The first four fire wardens were Martin Krieger, Thomas Hall, Adrian Wyser, and George Woolsey.
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These were the first fire engines to be used in the American colonies, and all able-bodied citizens were required to respond to a fire alarm and to participate in the extinguishing under the supervision of the Aldermen.
The city's first firehouse was built in 1736 in front of City Hall on Broad Street.
The Bronx houses Manhattan and the Bronx, and Queens houses Queens.
Like most fire departments of major cities in the United States, the New York City Fire Department is organized in a paramilitary fashion, and in many cases echos the structure of the police department.
There are currently four shifts of firefighters in each company. In addition to responding to building types that range from wood-frame single family homes to high-rise structures, there are many secluded bridges and tunnels, the New York City Subway system, as well as large parks and wooded areas that can give rise to brush fires.
The FDNY also responds to many other incidents such as auto accidents, auto extrications, gas emergencies, entrapments, construction accidents, high-angle rescues, trench rescues, confined space incidents, explosions, transit incidents, unstable buildings or collapses, hazardous material incidents and many more.
A year later, on December 16, 1737, the colony's General Assembly created the Volunteer Fire Department of the City of New York, appointing 30 men who would remain on call in exchange for exemption from jury and militia duty.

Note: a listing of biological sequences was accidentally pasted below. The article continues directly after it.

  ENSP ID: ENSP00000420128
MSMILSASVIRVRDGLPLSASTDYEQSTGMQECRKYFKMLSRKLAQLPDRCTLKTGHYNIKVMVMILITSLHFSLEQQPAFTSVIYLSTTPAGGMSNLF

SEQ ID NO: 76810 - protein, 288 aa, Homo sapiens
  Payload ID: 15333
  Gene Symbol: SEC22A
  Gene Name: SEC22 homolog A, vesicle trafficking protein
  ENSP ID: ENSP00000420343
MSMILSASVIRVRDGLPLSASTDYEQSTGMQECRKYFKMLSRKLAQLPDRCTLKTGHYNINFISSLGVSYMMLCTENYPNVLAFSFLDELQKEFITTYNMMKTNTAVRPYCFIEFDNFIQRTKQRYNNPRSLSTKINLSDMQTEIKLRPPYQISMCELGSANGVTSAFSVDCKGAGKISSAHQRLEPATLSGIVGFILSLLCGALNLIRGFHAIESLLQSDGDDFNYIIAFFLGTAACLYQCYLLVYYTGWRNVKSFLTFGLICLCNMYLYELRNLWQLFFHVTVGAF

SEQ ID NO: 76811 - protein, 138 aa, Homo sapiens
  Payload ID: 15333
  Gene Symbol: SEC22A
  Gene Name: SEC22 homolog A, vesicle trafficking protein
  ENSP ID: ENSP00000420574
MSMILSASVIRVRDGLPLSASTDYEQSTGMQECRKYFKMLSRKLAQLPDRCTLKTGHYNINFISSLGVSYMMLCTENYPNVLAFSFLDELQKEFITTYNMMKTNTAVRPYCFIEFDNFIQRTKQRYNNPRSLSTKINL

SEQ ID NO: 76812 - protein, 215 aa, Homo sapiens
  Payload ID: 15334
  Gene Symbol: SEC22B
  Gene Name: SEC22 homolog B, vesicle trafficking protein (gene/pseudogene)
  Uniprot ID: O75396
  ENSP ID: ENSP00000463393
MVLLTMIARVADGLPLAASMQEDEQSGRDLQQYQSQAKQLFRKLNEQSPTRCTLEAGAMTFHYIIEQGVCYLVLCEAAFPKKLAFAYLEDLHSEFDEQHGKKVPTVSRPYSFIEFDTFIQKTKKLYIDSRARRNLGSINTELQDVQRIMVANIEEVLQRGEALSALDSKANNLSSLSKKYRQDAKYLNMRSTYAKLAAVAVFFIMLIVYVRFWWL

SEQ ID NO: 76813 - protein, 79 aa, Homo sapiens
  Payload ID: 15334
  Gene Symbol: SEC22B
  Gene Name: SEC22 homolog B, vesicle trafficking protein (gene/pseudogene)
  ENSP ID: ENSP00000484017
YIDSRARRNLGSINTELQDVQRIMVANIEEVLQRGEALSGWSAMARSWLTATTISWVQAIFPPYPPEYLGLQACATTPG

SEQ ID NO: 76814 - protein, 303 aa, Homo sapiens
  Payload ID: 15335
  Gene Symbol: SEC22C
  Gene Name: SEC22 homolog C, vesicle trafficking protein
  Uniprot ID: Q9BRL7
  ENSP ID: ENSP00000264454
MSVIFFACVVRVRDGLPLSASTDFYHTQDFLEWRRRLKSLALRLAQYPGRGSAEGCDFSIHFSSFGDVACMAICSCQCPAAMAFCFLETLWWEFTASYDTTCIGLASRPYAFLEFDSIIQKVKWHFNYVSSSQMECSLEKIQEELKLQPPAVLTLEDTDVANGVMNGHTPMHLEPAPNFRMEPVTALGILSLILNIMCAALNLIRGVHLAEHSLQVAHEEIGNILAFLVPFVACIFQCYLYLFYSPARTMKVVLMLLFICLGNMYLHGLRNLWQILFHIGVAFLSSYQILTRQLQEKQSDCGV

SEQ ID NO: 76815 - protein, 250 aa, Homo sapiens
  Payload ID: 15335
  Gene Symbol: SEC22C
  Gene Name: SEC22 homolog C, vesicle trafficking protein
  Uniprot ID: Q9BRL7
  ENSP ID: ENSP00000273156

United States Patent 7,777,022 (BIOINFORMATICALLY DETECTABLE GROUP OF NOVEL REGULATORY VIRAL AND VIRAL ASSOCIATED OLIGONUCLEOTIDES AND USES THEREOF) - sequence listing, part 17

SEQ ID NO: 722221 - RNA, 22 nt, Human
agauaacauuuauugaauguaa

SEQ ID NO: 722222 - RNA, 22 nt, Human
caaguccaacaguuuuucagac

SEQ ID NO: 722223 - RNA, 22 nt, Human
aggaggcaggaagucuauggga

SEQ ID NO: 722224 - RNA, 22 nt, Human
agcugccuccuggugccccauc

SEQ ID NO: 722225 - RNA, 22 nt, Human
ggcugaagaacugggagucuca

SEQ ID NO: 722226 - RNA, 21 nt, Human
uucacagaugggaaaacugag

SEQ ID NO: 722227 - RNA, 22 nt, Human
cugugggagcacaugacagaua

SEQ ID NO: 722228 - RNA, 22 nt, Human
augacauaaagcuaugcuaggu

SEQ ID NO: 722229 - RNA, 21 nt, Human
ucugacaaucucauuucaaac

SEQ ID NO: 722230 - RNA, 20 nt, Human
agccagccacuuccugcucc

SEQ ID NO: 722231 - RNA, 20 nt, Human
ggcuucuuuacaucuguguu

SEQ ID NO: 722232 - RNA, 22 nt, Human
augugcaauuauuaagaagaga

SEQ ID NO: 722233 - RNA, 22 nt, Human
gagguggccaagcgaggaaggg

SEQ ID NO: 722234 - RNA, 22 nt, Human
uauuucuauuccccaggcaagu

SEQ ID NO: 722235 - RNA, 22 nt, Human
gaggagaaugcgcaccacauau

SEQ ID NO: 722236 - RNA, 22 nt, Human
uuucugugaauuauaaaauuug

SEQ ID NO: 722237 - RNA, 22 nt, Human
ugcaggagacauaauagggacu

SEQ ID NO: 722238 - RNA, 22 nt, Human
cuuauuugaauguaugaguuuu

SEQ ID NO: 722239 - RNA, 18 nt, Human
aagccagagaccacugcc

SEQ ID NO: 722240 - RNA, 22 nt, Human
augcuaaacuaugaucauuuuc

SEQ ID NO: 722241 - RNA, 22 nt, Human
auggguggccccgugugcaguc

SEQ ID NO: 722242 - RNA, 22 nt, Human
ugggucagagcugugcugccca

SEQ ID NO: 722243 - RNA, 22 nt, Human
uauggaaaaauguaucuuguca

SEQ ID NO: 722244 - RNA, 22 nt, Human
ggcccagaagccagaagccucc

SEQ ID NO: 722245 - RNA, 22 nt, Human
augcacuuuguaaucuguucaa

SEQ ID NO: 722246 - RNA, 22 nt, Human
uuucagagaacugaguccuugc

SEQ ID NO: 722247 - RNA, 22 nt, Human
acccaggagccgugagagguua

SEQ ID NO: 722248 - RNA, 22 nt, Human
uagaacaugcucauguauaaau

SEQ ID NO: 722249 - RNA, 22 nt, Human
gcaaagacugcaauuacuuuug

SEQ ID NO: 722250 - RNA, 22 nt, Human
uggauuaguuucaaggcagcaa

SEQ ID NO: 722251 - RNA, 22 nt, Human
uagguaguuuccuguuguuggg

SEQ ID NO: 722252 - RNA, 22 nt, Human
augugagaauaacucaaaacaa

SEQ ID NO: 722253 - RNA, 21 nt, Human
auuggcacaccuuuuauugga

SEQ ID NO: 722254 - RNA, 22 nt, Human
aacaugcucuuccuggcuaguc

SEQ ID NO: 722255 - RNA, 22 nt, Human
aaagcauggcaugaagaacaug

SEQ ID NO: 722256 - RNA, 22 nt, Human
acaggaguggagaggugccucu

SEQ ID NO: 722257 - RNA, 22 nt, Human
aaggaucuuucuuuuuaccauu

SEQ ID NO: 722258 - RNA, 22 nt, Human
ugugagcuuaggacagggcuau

The city's first official firemen were required to be "able, discreet, and sober men who shall be known as Firemen of the City of New York, to be ready for service by night and by day and be diligent, industrious and vigilant." Although the 1737 Act created the basis of the fire department, the actual legal entity was incorporated in the State of New York on March 20, 1798 under the name of "Fire Department, City of New York." In 1865, the volunteer fire department was abolished by a state act which created the Metropolitan Fire District and the Metropolitan Fire Department (MFD).
As a result, a new Board of Fire Commissioners was created and the original name of the Fire Department City of New York (FDNY) was reinstated. It was stated: “no braver, abler or more conscientious man than John J.
Bresnan ever drew a paycheck in the service of the City of New York.” Initially, the paid fire service only covered present day Manhattan, until the act of 1865 which united Brooklyn with Manhattan to form the Metropolitan District.
Each firehouse consists of one to three fire companies. In one tour or shift, each company is commanded by a lieutenant or the captain and is made up of three to five firefighters, depending on the type of fire company/unit: an Engine Company is staffed by an officer and three to four firefighters; a Ladder Company is staffed by an officer and five firefighters; a Rescue Company is staffed by an officer and five firefighters; a Squad Company is staffed by an officer and five firefighters; a Marine Company is staffed by an officer and four firefighters; the Hazardous Materials (Haz-Mat) Company is staffed by an officer and six firefighters.